The Swedish Radiation Safety Authority has approved on Thursday the construction of the repository for used nuclear fuel. Thus, the EU nation has guaranteed the safe and long-term storage of its nuclear waste in the vicinity of an existing nuclear power plant at Forsmark.
Forsmark, a small city located in about 140 km north of the capital city, picked for the place where Sweden will keep its nuclear waste. Under government’s plan, 6,000 parcels of some 12,000 tonnes of radioactive waste will be encased in copper and a natural clay and laid to rest below 500 meters of bedrock for more than 100,000 years.
Commenting on the governmental approval, minister for climate and the environment Annika Strandhall said this will be a secure-spent fuel repository that will provide safety for both the environment and people. “In addition, it provides long-term conditions for the Swedish electricity supply and Swedish jobs,” the official added.
The final repository will be constructed in 2023, although the decision is subject to scrutiny by Sweden’s land and environmental court and review by the Swedish Radiation Safety Authority. The Swedish Nuclear Fuel and Waste Management Company (SKB) will be in charge of the construction.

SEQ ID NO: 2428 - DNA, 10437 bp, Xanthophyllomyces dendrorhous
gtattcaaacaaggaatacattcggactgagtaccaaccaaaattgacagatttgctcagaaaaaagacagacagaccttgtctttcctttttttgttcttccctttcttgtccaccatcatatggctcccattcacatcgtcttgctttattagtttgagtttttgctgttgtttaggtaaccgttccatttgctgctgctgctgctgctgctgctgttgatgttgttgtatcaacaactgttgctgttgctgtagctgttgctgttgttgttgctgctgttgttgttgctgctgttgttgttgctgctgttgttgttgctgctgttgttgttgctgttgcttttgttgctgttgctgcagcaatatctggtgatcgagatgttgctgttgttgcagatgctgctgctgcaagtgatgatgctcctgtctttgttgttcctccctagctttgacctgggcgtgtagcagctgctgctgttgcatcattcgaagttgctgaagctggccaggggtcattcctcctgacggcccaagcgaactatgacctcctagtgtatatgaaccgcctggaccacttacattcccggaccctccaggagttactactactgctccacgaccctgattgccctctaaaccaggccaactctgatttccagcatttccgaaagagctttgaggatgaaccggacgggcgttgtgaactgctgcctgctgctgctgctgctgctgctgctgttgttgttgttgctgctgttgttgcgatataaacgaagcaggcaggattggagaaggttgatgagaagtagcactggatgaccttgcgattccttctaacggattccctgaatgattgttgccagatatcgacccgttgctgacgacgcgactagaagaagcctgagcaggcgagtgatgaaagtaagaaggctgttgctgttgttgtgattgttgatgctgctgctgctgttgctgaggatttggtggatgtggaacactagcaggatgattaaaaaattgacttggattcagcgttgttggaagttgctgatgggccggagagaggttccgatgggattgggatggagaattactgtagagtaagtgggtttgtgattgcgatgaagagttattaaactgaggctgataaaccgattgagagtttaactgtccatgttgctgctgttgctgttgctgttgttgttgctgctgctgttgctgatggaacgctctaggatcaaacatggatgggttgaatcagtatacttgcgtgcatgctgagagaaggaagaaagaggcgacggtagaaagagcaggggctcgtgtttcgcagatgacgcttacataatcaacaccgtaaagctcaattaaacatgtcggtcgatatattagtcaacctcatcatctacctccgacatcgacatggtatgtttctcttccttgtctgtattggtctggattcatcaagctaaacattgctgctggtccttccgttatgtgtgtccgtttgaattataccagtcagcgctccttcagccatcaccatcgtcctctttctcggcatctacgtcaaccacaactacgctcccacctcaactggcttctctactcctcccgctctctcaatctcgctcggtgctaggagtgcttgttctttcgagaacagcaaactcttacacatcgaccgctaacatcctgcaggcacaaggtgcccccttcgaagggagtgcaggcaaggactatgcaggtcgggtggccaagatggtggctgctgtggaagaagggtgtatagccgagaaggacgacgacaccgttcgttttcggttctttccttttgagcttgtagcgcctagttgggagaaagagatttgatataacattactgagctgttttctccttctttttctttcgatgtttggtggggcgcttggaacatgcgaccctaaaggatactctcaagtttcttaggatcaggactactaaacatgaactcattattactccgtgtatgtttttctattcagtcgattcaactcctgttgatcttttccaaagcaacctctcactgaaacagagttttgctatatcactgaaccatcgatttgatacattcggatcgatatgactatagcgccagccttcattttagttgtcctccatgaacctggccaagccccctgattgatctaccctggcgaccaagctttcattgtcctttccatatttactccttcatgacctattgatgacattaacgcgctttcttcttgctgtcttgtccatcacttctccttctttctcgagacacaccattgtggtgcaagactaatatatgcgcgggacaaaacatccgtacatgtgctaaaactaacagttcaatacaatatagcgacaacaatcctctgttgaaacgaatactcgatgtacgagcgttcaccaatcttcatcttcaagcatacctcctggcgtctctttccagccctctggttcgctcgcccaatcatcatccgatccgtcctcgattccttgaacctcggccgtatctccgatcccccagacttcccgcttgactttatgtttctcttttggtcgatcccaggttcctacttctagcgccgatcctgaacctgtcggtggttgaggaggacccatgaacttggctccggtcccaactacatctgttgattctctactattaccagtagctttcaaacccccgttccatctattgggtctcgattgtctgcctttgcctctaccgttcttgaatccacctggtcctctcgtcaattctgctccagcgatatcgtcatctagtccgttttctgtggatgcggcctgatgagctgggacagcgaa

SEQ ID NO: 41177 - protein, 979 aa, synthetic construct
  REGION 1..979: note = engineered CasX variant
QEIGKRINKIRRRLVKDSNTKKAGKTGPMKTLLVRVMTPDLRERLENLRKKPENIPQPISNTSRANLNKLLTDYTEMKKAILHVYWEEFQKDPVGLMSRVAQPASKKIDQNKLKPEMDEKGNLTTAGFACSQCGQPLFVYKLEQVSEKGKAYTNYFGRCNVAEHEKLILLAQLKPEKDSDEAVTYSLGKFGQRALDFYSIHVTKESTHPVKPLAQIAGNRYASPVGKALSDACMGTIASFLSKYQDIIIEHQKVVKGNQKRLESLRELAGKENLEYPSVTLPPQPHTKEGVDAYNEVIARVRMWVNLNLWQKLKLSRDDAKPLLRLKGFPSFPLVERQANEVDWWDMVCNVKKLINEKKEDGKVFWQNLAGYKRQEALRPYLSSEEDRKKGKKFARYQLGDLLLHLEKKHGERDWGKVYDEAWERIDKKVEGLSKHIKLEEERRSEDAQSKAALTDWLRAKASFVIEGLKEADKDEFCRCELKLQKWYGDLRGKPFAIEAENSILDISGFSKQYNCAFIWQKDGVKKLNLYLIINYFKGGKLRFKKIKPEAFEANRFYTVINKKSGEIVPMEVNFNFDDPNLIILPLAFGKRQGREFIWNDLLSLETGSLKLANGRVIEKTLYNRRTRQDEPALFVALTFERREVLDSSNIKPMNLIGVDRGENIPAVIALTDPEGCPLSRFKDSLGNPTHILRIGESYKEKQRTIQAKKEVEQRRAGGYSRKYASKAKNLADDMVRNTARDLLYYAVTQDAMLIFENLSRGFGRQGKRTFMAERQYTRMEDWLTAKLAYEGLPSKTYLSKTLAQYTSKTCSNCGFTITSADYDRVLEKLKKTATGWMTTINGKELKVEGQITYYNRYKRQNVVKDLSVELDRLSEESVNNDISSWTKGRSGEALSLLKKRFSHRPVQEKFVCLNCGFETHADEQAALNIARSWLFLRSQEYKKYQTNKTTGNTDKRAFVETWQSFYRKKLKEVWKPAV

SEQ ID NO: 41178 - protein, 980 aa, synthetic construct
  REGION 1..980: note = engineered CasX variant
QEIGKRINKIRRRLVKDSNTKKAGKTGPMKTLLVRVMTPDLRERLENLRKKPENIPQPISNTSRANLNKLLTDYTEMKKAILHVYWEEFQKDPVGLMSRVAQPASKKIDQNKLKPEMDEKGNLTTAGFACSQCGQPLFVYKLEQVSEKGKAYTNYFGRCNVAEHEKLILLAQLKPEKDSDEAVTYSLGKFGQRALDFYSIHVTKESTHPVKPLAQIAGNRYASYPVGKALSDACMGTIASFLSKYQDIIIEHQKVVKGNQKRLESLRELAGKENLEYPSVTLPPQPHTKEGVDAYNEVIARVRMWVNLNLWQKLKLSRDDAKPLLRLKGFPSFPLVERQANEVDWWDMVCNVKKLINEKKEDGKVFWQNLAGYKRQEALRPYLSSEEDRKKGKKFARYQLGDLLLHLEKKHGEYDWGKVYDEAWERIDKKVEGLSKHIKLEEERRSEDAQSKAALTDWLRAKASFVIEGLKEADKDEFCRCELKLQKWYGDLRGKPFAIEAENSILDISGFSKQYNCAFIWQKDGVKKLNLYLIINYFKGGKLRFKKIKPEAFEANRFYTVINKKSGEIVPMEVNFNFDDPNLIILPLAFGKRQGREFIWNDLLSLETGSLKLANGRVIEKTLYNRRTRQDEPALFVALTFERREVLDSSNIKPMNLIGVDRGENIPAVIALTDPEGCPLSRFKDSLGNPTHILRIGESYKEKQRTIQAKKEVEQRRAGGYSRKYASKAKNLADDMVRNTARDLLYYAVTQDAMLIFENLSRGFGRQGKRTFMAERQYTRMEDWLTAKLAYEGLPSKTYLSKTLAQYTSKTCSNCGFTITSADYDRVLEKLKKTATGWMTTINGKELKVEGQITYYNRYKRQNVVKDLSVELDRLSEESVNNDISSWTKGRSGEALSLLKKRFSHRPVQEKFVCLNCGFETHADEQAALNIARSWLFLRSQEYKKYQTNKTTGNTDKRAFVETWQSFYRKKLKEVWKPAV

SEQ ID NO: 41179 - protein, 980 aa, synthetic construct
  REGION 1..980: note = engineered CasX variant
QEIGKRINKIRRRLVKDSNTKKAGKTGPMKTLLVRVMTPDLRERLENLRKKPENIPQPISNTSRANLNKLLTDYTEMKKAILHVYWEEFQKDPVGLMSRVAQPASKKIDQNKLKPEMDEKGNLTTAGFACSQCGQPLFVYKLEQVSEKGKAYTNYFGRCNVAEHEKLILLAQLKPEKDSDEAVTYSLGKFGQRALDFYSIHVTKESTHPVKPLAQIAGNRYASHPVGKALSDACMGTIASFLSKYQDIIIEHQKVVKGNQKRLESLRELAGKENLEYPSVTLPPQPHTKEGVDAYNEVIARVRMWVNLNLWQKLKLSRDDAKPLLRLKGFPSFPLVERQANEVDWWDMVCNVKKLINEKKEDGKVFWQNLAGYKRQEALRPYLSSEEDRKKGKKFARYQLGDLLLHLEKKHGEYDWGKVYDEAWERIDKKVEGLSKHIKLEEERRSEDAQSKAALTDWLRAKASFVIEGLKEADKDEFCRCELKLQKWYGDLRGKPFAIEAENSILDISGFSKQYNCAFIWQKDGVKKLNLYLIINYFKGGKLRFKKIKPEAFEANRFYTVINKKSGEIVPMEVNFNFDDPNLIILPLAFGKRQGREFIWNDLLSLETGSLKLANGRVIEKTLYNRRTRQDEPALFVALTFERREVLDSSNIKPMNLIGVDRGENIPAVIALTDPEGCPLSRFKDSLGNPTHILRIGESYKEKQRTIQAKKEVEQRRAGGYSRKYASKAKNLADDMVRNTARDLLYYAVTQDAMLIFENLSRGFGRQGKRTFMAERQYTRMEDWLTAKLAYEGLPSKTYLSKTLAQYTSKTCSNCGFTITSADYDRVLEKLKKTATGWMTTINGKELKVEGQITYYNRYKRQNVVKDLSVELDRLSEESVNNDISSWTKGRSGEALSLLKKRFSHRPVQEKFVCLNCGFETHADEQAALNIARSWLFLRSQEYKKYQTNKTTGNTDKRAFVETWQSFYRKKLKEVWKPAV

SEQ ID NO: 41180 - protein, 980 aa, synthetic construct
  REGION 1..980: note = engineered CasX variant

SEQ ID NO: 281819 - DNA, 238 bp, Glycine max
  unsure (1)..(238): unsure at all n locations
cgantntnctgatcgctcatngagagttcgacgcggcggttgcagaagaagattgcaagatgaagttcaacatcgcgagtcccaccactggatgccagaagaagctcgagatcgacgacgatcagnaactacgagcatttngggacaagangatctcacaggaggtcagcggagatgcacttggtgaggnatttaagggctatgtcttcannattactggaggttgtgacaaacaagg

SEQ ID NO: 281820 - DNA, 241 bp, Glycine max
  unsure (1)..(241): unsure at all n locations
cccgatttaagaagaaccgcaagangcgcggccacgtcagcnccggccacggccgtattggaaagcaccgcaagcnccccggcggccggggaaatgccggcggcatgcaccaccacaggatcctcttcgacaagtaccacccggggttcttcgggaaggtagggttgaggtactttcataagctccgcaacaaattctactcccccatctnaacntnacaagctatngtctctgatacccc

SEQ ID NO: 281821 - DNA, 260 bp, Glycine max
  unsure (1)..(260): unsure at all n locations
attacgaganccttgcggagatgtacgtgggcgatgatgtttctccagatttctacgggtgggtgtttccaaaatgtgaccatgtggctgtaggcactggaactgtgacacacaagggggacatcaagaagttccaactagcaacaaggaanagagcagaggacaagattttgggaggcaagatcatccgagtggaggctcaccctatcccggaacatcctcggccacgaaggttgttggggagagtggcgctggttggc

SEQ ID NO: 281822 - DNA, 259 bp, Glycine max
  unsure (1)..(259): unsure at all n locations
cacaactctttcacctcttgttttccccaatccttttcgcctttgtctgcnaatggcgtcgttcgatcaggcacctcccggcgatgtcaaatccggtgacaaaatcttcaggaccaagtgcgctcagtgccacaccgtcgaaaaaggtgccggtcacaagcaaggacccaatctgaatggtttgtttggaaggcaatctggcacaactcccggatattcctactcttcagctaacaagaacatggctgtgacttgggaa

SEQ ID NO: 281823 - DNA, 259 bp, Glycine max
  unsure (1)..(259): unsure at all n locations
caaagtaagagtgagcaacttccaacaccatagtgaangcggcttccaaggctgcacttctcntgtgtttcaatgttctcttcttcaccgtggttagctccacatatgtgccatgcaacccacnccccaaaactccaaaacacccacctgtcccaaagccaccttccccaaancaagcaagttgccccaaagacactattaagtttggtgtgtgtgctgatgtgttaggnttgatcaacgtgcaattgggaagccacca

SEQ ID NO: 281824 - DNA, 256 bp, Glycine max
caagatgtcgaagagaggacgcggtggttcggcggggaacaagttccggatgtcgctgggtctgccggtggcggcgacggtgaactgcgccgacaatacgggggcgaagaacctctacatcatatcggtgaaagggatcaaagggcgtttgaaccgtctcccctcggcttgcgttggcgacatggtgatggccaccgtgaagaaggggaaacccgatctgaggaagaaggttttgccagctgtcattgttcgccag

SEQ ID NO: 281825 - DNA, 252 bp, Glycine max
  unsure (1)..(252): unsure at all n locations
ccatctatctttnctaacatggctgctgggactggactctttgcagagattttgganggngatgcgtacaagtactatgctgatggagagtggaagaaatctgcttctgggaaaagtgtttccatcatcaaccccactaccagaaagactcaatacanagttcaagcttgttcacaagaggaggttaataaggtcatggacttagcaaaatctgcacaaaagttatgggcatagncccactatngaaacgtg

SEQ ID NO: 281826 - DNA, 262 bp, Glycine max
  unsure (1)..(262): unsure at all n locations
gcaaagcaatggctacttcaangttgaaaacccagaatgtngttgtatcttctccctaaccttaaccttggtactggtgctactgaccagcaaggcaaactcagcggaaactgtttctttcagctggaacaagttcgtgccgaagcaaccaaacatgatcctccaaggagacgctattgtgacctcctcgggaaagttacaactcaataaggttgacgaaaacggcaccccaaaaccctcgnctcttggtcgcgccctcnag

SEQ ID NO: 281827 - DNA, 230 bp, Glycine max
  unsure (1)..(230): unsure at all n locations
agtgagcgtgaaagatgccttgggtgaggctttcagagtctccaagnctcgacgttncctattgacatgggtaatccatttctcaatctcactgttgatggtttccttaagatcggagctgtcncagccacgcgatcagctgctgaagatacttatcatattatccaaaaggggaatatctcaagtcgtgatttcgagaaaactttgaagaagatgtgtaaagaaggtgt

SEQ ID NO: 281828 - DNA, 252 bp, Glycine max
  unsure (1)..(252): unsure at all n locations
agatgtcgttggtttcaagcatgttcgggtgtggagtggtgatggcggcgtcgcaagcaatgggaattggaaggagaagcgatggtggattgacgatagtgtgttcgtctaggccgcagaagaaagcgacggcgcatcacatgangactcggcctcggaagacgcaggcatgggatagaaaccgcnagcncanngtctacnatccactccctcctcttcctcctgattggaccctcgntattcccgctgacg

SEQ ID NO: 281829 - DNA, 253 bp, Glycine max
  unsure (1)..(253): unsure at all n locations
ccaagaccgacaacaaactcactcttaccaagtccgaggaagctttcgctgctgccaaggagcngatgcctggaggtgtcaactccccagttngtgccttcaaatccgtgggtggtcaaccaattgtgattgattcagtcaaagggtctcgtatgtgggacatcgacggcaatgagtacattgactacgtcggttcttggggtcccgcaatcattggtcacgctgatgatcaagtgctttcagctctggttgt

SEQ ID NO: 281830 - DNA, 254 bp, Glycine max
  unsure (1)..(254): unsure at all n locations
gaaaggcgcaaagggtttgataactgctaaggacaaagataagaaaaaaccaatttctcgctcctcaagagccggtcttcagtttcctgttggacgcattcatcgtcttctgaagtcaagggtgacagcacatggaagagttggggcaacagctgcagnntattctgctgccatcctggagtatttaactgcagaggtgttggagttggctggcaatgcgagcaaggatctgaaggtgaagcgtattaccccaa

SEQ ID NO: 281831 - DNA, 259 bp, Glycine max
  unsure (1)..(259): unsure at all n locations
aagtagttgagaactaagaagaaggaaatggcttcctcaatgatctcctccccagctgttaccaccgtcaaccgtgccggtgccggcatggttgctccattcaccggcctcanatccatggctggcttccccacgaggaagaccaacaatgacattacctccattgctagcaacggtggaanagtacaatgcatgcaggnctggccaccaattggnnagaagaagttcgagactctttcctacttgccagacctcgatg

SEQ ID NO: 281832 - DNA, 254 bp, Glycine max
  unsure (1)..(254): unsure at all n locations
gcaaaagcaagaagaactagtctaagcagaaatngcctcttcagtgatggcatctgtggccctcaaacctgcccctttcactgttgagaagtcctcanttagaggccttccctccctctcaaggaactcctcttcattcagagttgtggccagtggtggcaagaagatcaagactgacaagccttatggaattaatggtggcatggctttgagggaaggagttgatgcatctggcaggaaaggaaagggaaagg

Together with the construction of a nuclear waste encapsulation plant, the whole project will require an investment of about 19 billion Swedish kronor ($2 billion), and could take about 10 years to finish.
Sweden currently has six reactors in three nuclear power plants, supplying approximately one-third of the country’s need for electricity. Despite having nuclear power for 50 years, the problems of final disposal of the burned nuclear fuel remained unresolved.
Globally, there are more than 400 nuclear power plants in use in 38 countries, but no place has successfully begun to store highly active nuclear waste, CGTN reports.